The “Caucasus Fox” Takes a Bow | Europe| News and current affairs from around the continent | DW | 24.11.2003
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The “Caucasus Fox” Takes a Bow

Fitting the classic description of a survivor, Georgian President Eduard Shevardnadze endured political crises, putsches and even assassination attempts during his 55-year career. But this weekend, he ran out of luck.


With his government fallen, Eduard Shevardnadze will have plenty of time to contemplate his 55-year career.

If you take a close look at Eduard Shevardnadze's family tree, it comes as little surprise that he would rise within the ranks of the Georgian Communist Party.

He was born in 1928 in a western Georgian village and raised by a father who was a Russian language and literature teacher with membership in the senior ranks of the Communist Party. His brother would later become an influential functionary within the party.

But Shevardnadze's political climb quickly eclipsed the political successes of his family. He would go on to lead Georgia’s Communist Party for 15 years between 1972-1985, holding tight reign of the Soviet state and suppressing nationalist flare-ups.

Prior to leading Georgia, he worked his way up through the party, eventually serving for four years as Georgia’s interior minister. In that role, he earned a strong reputation as a man who fought against corruption in the Communist Party apparatus. Shevardnadze demonstrated his political skills and growing party clout by demanding concessions from Moscow for Georgian nationalists. In 1978, he succeeded in persuading Moscow to anchor Georgian as the region’s official language in the constitution.

A father of German reunification

Later, during the Perestroika era, Shevardnadze served as foreign minister and political confidant to then Russian President Mikhail Gorbachev and emerged as a leading champion of disarmament during the twilight of the Cold War. Among his successes was the negotiation of the Anti-ballistic Missile (ABM) Treaty between Moscow and Washington. Shevardnadze also served as one of the chief Russian architects of German reunification -- a fact not lost on German political leaders, who quickly offered Shevardnadze exile over the weekend.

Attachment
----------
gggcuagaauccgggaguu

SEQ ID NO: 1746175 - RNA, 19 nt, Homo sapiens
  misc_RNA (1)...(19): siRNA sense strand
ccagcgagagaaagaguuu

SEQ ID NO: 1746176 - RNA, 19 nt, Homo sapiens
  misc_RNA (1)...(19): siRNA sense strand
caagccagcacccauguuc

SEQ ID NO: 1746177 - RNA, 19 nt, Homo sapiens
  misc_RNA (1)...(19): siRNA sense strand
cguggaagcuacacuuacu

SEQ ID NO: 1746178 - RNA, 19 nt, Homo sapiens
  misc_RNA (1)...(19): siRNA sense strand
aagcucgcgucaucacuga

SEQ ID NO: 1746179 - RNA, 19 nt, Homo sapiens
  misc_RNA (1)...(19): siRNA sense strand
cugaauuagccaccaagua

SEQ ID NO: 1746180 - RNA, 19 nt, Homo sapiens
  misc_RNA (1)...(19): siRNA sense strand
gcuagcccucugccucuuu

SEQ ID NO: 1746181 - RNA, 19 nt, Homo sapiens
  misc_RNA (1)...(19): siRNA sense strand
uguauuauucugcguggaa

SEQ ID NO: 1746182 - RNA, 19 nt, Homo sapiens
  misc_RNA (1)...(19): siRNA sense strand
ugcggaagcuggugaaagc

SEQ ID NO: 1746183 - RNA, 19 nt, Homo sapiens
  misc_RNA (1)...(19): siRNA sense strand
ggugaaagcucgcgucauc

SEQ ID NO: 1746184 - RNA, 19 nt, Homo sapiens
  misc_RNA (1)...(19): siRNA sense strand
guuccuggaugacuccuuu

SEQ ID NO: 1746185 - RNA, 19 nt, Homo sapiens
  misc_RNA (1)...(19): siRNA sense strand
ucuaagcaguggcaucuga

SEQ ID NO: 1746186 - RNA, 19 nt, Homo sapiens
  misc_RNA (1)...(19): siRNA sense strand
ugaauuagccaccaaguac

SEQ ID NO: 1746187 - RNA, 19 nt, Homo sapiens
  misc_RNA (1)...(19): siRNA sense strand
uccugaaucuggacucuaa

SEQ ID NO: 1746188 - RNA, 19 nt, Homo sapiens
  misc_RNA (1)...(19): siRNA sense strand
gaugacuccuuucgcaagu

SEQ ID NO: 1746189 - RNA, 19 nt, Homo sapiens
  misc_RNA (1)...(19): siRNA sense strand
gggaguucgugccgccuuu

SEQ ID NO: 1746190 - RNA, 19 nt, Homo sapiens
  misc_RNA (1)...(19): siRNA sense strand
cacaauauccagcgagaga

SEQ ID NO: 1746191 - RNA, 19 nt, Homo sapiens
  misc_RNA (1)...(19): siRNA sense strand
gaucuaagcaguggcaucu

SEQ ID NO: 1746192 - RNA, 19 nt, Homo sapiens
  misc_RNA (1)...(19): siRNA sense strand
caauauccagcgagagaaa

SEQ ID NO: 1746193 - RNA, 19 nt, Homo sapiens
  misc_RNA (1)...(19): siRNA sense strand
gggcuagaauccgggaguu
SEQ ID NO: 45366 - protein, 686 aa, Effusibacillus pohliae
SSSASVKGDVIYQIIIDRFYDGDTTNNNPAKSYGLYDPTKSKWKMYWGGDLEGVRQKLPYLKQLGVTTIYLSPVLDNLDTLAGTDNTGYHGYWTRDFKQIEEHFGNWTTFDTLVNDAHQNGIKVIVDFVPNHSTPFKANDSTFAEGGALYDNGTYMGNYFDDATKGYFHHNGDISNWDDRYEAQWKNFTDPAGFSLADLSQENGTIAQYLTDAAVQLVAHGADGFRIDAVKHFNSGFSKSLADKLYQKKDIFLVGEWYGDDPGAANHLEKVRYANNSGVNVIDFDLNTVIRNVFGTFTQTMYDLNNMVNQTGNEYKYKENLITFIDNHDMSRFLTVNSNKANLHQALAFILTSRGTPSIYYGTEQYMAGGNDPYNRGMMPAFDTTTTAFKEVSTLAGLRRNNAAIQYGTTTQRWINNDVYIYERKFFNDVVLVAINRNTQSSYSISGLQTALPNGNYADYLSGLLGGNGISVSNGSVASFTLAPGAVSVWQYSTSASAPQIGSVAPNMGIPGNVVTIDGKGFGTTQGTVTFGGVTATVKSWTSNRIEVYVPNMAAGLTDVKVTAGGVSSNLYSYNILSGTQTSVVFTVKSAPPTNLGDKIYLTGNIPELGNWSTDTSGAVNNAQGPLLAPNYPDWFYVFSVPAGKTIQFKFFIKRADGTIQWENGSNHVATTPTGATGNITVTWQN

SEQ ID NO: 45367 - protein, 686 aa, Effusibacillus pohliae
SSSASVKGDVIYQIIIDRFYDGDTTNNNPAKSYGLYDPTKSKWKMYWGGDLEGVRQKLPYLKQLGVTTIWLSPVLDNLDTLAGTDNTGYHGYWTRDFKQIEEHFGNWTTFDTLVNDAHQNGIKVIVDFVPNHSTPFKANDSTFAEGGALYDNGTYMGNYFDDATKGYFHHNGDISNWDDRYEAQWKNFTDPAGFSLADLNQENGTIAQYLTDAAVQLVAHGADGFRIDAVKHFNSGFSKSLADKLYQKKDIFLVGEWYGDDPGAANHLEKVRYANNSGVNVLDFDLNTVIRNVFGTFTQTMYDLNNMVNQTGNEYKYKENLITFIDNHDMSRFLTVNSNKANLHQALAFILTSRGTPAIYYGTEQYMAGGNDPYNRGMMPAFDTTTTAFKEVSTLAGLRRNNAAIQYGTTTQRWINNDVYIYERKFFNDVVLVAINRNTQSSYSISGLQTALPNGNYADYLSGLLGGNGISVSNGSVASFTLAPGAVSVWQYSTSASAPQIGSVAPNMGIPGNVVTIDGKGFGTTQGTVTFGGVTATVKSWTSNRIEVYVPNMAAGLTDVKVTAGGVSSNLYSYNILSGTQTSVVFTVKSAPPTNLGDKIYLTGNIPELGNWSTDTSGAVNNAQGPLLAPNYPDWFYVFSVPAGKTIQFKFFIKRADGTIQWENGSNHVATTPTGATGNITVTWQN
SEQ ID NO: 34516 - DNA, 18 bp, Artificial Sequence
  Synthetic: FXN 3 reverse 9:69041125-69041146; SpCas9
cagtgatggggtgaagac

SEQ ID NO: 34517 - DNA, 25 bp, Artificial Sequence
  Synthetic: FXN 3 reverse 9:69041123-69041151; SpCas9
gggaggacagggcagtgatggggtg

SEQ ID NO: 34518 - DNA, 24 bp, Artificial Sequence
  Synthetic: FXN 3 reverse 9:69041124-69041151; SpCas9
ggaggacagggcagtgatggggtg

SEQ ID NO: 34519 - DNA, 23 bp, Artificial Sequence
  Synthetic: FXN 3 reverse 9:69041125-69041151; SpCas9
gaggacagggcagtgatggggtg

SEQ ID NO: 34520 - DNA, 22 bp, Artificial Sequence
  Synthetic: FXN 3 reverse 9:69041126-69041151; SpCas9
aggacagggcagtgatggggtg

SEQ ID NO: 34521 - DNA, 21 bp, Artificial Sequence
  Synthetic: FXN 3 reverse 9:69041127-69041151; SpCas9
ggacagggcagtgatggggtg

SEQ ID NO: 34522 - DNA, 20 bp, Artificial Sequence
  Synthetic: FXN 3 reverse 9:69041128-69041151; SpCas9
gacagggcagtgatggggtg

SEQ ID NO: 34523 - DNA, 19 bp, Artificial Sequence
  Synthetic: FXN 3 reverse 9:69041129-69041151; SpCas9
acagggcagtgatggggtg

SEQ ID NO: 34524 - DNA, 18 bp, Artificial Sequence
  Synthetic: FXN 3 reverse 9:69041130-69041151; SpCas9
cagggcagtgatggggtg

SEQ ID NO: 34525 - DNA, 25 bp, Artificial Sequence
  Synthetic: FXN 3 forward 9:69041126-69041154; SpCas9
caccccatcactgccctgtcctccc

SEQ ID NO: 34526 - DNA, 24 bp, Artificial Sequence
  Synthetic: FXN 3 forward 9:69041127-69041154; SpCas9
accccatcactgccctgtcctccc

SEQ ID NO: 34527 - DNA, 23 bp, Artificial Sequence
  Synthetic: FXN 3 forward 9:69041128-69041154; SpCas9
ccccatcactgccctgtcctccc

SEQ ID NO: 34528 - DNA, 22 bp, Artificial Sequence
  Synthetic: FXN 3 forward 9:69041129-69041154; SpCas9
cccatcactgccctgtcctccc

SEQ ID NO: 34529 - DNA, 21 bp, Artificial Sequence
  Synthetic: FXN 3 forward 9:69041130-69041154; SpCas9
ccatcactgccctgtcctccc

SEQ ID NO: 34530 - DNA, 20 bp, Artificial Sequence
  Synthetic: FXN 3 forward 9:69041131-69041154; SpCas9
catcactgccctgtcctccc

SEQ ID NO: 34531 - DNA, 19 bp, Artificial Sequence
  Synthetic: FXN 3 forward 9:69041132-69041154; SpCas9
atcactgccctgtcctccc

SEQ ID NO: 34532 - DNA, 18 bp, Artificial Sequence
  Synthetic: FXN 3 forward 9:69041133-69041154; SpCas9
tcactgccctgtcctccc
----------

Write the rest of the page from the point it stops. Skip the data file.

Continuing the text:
Fall der Berliner Mauer

Berliners celebrate on top of wall as East Germans cross through dismantled Berlin Wall, Germany.

"Should Shevardnadze decide he wants to come to Germany," government spokesman Bela Anda said, "he would, not least because of his service of German reunification, be welcome."

During his five-year term as foreign minister, Schevardnadze drew the scorn of dogmatic Communist Party members for policies they perceived as too friendly toward the West. He resigned in 1990, warning that a dictatorship was imminent in Russia. Indeed, hardliners attempted a coup the following summer.

Struggling to avoid civil war in Georgia

Though the 1991 coup failed, it did succeed in leading to the toppling of the Soviet Union. At the time, Shevardnadze placed his political support with Gorbachev’s opponent, Boris Yeltsin, and returned to Georgia, which by then had become destabilized by political unrest. There, he took up the post of chairman of the Security Council in 1992, at a time when two renegade Georgian regions, Abkhazia and South Ossetia, wanted to break away from Tibilisi. More than 10,000 died in the violent two-year conflict that followed.

Shevardnadze managed to prevent the country from falling into a full-fledged civil war, but other troubles brewed. During his two terms as president, he failed to pull Georgia out of its deep economic crisis and corruption and poverty remain serious problems.

He made overtures to NATO for Georgian membership and he succeeded in getting a seat for Georgia in the Council of Europe. But these moves also drew criticism at home from detractors who said Shevardnaze was merely maneuvering to buttress his own power. They viewed with much skepticism his dramatic transformation from apparatchik to a Westernized democrat.

Though he has remained popular abroad, support for Shevardnadze in Georgia had been sliding for years. This weekend, whatever was left crumbled in a velvet revolution that mirrored similar peaceful government overthrows in Yugoslavia and the former Czechoslovakia.

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